Aw man, it's another tough one. I didn't make it any easier on myself by reading it so slowly, but in my defense, I tried my best. A coworker got covid and I've been working literally every day since my last post. And it was during the Juco tournament, one of the hotel's busiest times. My average of ~20 pages a day (and the pace on this was surprisingly regular) was actually pretty good, if I do say so myself.
So my memories of the three books in this boxed set are all over the place. I look at the first page of my notes and see the mysterious word "Vasgothians" and I'm like, "wait, do they mean Visigoths? No, they can't, this whole setting is antediluvian, taking place in an alternate magical history of central Europe, 8000 years past, so having any connection at all between the Vasgothians and the Visigoths would be as absurd as saying that the 'exotic' land of Indrisa, with its 'ferocious war elephants' and capital city of Calcutana is somehow related to modern India."
Which is kind of a roundabout way of saying that this book establishes Thera (the setting's designated Evil Empire) as a global civilization (they even crossed the Atlantic ocean to find a "mysterious land" of hot and humid jungles), but it doesn't quite make the globe interesting enough to justify it.
It's a bit of a disappointment, really. Earthdawn has consistently impressed me with its nuanced, empathetic descriptions of traditional fantasy creatures, but somehow Africans . . . sorry, the "easily enslave[d]" "dark-skinned local peoples" of Anzan . . . can't get quite the same treatment. Maybe it's just a matter of space concerns. Anzan did only get a single paragraph to both describe its features and establish its existence in the setting for the very first time, so maybe an Anzan supplement would have proceeded with the same complex humanism that I've come to expect from this series.
Or maybe not. I think, in attempting to describe Thera, that Earthdawn has discovered its Achilles heel. Following the line's usual practice of considering its characters' circumstances and points of view, Skypoint & Vivane comes dangerously close to both-sidsing slavery.
And this is an awkward subject for me to talk about, because the book is from 1995, and I have documented proof that young John Frazer was doing similarly bad takes as late as 2002 (the NWO fan supplement I wrote has a "the American founders were men of their times" passage that absolutely mortifies me and I hate that there's nothing I can do about it now), but it's still a little gross to see a passage that describes a Theran raid that "killed all the old-folk and children and enslaved the able-bodied adults" and then, literally one page later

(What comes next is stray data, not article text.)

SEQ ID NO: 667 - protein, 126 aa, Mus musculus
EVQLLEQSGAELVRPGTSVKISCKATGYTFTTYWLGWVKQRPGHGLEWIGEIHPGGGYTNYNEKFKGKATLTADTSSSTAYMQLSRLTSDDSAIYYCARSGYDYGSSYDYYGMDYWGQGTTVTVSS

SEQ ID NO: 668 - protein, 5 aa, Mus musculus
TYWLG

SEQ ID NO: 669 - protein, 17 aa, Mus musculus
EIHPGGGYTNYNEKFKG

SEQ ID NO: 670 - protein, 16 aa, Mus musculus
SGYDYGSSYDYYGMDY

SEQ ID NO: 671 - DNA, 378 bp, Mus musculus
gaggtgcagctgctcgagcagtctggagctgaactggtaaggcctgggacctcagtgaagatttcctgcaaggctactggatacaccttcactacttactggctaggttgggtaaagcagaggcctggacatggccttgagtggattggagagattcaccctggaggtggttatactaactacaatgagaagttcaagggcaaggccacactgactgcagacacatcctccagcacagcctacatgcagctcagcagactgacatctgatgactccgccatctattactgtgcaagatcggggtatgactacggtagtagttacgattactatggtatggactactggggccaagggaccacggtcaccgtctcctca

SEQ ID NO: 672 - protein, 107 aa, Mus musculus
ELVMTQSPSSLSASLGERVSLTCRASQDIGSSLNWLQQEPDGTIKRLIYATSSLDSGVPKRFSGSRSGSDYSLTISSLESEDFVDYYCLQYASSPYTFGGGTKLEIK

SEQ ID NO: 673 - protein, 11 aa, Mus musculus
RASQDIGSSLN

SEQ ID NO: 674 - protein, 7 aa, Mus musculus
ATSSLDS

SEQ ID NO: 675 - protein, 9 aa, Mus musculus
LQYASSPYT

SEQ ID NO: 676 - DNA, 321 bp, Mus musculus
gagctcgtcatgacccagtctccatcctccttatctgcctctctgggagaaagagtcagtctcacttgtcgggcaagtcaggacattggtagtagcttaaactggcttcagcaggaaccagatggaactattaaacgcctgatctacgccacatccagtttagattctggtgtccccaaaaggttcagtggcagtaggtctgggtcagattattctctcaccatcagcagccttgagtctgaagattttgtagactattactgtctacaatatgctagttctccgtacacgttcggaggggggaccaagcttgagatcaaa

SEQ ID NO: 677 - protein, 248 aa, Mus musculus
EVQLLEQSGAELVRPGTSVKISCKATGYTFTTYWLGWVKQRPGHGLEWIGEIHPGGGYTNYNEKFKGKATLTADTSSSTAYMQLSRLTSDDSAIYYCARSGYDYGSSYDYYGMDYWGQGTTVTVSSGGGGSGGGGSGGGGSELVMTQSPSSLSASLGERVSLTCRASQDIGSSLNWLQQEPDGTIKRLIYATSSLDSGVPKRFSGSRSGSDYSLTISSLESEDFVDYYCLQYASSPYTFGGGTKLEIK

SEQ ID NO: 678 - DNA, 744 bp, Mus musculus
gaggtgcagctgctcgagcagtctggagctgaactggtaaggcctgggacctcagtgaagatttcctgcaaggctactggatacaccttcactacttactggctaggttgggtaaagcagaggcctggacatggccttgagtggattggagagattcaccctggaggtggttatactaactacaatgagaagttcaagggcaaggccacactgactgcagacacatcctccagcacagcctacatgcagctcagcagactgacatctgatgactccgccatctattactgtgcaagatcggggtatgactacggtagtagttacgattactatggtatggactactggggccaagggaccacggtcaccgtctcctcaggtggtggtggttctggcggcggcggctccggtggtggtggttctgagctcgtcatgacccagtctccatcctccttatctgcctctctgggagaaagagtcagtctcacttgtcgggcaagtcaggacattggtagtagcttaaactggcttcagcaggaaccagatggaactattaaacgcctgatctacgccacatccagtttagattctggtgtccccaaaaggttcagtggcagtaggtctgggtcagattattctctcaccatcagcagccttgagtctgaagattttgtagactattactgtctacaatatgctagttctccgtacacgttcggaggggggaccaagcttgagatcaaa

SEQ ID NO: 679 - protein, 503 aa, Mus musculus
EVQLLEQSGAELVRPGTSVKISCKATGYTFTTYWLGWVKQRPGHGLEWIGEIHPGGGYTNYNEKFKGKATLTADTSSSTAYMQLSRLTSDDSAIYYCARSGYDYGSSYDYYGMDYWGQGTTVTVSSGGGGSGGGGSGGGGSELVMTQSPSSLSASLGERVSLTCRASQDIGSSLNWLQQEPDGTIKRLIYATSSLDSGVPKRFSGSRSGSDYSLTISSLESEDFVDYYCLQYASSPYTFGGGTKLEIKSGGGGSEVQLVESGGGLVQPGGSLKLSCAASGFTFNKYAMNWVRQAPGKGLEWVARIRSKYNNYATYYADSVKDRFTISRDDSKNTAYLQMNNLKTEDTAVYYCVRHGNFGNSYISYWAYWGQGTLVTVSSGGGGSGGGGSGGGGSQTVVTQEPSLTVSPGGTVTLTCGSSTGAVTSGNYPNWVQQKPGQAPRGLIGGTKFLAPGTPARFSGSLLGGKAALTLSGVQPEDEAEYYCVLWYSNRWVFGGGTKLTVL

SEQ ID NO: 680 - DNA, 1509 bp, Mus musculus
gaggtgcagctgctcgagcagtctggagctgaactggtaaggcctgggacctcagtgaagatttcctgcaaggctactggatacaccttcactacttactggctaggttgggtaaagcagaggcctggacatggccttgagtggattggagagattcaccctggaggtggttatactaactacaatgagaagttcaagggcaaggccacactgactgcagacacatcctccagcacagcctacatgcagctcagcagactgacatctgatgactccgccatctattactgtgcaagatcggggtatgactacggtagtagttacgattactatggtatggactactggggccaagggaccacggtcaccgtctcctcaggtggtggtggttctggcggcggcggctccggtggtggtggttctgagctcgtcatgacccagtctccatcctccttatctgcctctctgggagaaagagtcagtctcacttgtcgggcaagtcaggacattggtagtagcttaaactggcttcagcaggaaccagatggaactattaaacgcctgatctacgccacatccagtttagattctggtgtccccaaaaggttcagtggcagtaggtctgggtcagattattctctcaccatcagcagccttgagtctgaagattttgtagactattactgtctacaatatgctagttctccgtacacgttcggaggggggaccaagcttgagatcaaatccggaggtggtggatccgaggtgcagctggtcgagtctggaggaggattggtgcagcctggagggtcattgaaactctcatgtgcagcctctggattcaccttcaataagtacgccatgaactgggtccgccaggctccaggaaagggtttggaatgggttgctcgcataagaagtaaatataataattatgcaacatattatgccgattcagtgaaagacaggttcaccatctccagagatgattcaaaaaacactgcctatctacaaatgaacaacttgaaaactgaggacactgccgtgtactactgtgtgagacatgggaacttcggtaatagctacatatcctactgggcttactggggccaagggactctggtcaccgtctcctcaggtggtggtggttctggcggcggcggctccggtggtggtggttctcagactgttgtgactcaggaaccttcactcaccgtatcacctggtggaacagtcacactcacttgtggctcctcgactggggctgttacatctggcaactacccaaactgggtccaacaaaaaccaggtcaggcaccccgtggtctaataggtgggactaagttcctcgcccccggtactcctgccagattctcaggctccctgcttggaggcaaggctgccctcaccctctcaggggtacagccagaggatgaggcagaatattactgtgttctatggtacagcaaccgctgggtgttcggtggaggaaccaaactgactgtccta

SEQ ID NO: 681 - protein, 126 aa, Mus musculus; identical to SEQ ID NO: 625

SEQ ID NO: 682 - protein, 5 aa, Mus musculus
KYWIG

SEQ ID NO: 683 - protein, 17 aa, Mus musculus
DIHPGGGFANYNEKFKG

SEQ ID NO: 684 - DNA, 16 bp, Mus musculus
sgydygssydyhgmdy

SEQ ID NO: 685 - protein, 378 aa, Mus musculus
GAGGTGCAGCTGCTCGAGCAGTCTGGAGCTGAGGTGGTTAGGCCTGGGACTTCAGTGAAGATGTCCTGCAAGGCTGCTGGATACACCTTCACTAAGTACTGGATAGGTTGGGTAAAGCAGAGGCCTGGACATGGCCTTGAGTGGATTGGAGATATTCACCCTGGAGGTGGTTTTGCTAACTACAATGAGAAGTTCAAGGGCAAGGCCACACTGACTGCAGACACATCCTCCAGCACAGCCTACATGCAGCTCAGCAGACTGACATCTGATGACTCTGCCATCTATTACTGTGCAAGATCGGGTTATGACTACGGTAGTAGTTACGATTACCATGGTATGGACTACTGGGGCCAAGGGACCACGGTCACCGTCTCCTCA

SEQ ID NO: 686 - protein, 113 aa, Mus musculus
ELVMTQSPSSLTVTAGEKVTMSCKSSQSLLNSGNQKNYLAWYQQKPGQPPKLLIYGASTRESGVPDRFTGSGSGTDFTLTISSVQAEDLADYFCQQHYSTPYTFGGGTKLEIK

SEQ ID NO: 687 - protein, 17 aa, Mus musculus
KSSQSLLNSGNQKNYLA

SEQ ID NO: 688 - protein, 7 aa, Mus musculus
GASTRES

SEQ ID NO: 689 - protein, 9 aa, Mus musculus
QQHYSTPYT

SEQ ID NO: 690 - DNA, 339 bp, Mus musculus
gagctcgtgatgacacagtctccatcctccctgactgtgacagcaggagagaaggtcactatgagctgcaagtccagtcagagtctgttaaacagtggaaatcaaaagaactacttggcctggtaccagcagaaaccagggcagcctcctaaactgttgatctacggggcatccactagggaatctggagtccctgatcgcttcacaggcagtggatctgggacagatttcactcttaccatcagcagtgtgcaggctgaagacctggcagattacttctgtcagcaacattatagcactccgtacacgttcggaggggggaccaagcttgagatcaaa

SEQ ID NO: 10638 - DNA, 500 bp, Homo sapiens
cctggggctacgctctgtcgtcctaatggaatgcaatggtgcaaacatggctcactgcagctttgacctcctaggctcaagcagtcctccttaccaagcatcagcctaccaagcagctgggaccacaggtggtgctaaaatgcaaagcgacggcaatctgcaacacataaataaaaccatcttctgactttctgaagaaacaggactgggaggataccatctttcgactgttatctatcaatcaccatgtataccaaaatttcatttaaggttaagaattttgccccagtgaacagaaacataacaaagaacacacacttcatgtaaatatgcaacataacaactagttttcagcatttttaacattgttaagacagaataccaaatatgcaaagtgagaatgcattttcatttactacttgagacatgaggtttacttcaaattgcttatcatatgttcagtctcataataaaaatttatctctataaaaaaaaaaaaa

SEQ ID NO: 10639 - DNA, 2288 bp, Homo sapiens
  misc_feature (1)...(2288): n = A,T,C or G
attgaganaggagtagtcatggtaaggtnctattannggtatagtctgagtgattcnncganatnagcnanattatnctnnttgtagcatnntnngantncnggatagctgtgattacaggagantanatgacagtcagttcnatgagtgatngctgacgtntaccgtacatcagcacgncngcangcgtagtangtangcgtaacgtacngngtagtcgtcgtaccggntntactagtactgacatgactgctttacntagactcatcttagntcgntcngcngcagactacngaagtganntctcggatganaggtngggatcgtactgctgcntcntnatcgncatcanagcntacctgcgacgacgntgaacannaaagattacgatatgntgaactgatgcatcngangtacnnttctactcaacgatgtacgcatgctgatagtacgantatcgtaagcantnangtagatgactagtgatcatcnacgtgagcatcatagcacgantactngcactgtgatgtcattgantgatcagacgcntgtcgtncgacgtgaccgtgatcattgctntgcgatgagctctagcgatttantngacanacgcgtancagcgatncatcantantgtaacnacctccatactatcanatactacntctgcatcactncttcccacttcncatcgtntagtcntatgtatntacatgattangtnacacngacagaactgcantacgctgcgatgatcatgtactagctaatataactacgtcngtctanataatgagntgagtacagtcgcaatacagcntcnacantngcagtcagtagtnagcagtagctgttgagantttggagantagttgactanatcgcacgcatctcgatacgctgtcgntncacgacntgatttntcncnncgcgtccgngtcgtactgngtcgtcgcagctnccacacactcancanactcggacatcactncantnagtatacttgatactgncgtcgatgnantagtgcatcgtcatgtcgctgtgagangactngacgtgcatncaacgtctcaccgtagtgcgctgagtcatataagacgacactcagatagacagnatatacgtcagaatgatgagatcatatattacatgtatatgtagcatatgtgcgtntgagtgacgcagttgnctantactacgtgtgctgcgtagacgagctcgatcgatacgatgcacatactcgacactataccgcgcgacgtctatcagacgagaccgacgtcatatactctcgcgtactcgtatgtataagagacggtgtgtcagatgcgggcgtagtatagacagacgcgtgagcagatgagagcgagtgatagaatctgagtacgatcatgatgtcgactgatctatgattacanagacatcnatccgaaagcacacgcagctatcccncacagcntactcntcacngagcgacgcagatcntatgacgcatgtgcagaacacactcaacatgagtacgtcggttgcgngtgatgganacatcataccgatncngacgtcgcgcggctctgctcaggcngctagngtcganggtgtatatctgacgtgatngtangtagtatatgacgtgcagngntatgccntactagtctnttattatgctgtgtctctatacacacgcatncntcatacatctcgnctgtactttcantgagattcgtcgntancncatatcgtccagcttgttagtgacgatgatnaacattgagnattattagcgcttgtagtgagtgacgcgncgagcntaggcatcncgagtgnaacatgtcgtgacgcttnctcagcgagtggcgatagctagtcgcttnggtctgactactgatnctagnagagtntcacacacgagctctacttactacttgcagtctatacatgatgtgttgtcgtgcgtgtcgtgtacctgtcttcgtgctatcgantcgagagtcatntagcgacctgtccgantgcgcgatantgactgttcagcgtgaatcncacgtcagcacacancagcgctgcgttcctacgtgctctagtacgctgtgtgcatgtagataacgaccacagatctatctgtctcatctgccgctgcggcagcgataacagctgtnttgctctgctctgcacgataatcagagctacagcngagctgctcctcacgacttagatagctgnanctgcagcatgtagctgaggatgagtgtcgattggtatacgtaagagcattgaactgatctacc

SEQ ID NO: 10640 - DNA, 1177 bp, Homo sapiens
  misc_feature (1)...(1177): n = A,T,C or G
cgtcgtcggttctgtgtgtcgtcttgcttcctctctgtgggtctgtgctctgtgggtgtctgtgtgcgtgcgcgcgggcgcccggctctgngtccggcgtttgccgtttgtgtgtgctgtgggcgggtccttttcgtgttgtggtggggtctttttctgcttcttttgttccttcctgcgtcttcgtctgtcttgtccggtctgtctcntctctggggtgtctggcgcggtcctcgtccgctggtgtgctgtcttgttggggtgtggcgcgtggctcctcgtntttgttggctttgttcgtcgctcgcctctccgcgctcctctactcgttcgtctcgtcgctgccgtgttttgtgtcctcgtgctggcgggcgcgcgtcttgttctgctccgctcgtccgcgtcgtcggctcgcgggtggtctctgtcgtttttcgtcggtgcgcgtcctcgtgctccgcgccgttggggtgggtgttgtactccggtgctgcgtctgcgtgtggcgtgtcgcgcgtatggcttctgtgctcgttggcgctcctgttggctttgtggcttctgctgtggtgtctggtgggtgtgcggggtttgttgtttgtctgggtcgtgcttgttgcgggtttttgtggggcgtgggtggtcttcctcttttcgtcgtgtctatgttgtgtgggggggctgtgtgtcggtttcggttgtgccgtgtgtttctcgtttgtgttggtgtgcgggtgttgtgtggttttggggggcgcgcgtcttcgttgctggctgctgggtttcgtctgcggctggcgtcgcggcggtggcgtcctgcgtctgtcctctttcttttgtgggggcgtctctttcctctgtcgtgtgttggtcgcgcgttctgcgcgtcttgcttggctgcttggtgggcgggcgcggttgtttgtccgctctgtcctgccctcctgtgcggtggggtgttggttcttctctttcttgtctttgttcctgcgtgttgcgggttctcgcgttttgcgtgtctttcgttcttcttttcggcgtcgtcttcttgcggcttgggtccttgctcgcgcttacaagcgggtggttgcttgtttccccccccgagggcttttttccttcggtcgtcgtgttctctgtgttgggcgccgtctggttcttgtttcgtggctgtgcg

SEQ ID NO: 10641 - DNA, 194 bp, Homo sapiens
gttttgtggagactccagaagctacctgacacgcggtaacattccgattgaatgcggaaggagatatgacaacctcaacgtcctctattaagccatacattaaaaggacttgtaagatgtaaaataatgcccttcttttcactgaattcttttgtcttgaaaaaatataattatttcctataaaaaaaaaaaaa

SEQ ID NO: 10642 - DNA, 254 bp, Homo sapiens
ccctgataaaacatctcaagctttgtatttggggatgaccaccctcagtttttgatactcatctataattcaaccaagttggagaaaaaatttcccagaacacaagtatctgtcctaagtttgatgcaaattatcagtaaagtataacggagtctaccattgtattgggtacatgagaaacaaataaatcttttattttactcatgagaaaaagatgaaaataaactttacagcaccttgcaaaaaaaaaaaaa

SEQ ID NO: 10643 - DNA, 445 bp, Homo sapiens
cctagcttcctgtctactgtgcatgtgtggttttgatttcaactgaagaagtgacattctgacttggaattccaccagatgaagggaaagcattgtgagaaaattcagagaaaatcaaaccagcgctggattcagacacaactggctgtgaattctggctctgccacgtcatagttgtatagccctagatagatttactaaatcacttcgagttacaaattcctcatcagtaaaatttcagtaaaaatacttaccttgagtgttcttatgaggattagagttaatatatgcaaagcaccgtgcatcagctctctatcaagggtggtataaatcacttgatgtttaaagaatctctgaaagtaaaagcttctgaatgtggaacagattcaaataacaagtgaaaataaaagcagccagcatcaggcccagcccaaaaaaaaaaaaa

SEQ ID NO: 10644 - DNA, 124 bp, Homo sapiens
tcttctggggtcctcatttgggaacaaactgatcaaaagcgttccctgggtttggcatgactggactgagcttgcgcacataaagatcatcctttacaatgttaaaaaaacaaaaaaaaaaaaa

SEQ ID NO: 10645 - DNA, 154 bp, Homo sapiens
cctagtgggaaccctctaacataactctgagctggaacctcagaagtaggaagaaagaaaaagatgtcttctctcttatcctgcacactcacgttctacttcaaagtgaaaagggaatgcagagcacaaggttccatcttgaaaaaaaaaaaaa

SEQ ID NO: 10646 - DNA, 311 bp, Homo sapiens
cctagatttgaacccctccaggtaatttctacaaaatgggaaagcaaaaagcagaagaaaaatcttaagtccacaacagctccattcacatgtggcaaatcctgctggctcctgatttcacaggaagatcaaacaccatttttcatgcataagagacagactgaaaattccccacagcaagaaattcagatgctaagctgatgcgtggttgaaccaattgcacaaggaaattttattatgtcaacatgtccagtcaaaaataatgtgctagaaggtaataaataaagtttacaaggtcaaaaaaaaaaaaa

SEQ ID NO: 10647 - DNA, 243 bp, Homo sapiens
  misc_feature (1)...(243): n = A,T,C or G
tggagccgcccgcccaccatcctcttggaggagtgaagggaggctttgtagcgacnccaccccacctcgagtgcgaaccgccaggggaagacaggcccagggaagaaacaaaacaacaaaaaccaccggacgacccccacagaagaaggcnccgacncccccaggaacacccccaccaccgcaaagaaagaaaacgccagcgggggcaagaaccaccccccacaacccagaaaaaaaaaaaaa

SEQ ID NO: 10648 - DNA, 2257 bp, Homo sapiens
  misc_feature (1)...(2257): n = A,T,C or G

"While the majority of non-Therans sincerely believe that the Empire represents an evil that must be eradicated, a certain percentage of more sensible folk recognize that Therans cannot be lumped together as a single entity."Where's the contradiction, folks? But also, the next page has a passage written, in-character, from a Theran point of view that runs down the typical list . . . slavery had a salutory effect on the slaves, the Theran values of curiosity and cultural openness are worthwhile additions to the world, and besides it's not like Therans invented slavery, there are actually a lot of local forced-labor customs that could fairly be described as slavery, so it's kind of hypocritical to focus on the Therans, maybe it's because you hate science and civilization . . .
And it might occur to you to wonder where they could have found inspiration for such a realistically depraved defense of the institution of slavery, but the depressing answer is that all they had to do was ask nearly any white American.
Which is really the heart of this. Thera is the United States of America. I'm certain this wasn't an intentional parallel. I'm guessing that if the authors were asked to name the area of their setting most inspired by the USA, they would probably say the liberal capitalist dwarfs of Throal. I think it's more likely that Thera is an archetype that lurks deep in the white American subconscious and is always in danger of rising to the surface - "yeah, they practiced slavery, but they also arguably saved the world, so . . . even?" That it keeps showing up is accidentally revealing.
And I do think it's accidental. The chain of logic is pretty clear - they're attempting to humanize their villains. There's no such thing as an entire society of monsters, so you can't characterize a whole society entirely by its worst traits. They must have virtues of their own, accomplishments and beliefs that express the fundamental greatness and goodness of all human beings. At the very least, the average member of that society is probably just a regular schmuck, who does nothing worse than keep their head down and try to make it day to day.